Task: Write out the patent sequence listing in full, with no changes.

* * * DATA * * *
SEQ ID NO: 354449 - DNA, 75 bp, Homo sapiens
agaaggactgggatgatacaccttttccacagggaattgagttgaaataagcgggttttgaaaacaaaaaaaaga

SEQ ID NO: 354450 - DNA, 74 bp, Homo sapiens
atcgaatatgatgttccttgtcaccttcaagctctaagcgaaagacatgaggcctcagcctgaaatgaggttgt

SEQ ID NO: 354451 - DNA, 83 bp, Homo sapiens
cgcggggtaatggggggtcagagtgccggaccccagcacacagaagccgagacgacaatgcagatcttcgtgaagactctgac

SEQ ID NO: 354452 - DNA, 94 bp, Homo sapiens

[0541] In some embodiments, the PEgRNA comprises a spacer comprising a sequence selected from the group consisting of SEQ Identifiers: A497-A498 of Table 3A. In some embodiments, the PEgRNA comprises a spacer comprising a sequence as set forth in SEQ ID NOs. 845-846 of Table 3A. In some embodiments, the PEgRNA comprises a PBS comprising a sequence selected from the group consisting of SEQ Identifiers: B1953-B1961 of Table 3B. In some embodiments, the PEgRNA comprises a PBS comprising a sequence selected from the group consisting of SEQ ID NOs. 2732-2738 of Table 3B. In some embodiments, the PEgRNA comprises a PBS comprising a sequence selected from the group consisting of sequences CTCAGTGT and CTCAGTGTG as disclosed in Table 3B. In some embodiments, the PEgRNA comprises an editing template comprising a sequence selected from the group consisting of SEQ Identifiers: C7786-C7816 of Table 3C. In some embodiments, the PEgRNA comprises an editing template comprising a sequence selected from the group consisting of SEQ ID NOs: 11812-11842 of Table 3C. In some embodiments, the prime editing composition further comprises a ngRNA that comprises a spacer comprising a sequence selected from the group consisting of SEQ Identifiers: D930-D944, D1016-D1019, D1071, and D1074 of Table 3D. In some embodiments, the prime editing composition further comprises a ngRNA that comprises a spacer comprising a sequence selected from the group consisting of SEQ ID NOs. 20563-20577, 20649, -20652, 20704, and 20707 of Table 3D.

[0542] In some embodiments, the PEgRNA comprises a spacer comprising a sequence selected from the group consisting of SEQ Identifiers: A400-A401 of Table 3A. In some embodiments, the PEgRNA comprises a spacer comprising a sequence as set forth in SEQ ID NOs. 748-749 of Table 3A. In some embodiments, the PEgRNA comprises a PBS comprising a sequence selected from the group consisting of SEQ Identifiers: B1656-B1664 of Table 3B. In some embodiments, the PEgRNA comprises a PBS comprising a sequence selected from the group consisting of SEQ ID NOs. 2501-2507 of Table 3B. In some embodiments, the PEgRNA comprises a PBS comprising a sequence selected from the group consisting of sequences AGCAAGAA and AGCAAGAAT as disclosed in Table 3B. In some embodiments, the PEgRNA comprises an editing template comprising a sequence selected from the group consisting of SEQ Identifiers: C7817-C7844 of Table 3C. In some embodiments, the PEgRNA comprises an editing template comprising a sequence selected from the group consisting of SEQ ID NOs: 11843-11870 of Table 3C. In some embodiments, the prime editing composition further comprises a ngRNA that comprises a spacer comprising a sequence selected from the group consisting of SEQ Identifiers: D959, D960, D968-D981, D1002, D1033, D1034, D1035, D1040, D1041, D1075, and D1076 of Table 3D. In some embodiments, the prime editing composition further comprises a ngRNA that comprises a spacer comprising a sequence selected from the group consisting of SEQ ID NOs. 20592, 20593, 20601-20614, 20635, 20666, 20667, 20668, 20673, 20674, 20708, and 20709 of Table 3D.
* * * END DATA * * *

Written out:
SEQ ID NO: 354449 - DNA, 75 bp, Homo sapiens
agaaggactgggatgatacaccttttccacagggaattgagttgaaataagcgggttttgaaaacaaaaaaaaga

SEQ ID NO: 354450 - DNA, 74 bp, Homo sapiens
atcgaatatgatgttccttgtcaccttcaagctctaagcgaaagacatgaggcctcagcctgaaatgaggttgt

SEQ ID NO: 354451 - DNA, 83 bp, Homo sapiens
cgcggggtaatggggggtcagagtgccggaccccagcacacagaagccgagacgacaatgcagatcttcgtgaagactctgac

SEQ ID NO: 354452 - DNA, 94 bp, Homo sapiens

[0541] In some embodiments, the PEgRNA comprises a spacer comprising a sequence selected from the group consisting of SEQ Identifiers: A497-A498 of Table 3A. In some embodiments, the PEgRNA comprises a spacer comprising a sequence as set forth in SEQ ID NOs. 845-846 of Table 3A. In some embodiments, the PEgRNA comprises a PBS comprising a sequence selected from the group consisting of SEQ Identifiers: B1953-B1961 of Table 3B. In some embodiments, the PEgRNA comprises a PBS comprising a sequence selected from the group consisting of SEQ ID NOs. 2732-2738 of Table 3B. In some embodiments, the PEgRNA comprises a PBS comprising a sequence selected from the group consisting of sequences CTCAGTGT and CTCAGTGTG as disclosed in Table 3B. In some embodiments, the PEgRNA comprises an editing template comprising a sequence selected from the group consisting of SEQ Identifiers: C7786-C7816 of Table 3C. In some embodiments, the PEgRNA comprises an editing template comprising a sequence selected from the group consisting of SEQ ID NOs: 11812-11842 of Table 3C. In some embodiments, the prime editing composition further comprises a ngRNA that comprises a spacer comprising a sequence selected from the group consisting of SEQ Identifiers: D930-D944, D1016-D1019, D1071, and D1074 of Table 3D. In some embodiments, the prime editing composition further comprises a ngRNA that comprises a spacer comprising a sequence selected from the group consisting of SEQ ID NOs. 20563-20577, 20649, -20652, 20704, and 20707 of Table 3D.

[0542] In some embodiments, the PEgRNA comprises a spacer comprising a sequence selected from the group consisting of SEQ Identifiers: A400-A401 of Table 3A. In some embodiments, the PEgRNA comprises a spacer comprising a sequence as set forth in SEQ ID NOs. 748-749 of Table 3A. In some embodiments, the PEgRNA comprises a PBS comprising a sequence selected from the group consisting of SEQ Identifiers: B1656-B1664 of Table 3B. In some embodiments, the PEgRNA comprises a PBS comprising a sequence selected from the group consisting of SEQ ID NOs. 2501-2507 of Table 3B. In some embodiments, the PEgRNA comprises a PBS comprising a sequence selected from the group consisting of sequences AGCAAGAA and AGCAAGAAT as disclosed in Table 3B. In some embodiments, the PEgRNA comprises an editing template comprising a sequence selected from the group consisting of SEQ Identifiers: C7817-C7844 of Table 3C. In some embodiments, the PEgRNA comprises an editing template comprising a sequence selected from the group consisting of SEQ ID NOs: 11843-11870 of Table 3C. In some embodiments, the prime editing composition further comprises a ngRNA that comprises a spacer comprising a sequence selected from the group consisting of SEQ Identifiers: D959, D960, D968-D981, D1002, D1033, D1034, D1035, D1040, D1041, D1075, and D1076 of Table 3D. In some embodiments, the prime editing composition further comprises a ngRNA that comprises a spacer comprising a sequence selected from the group consisting of SEQ ID NOs. 20592, 20593, 20601-20614, 20635, 20666, 20667, 20668, 20673, 20674, 20708, and 20709 of Table 3D.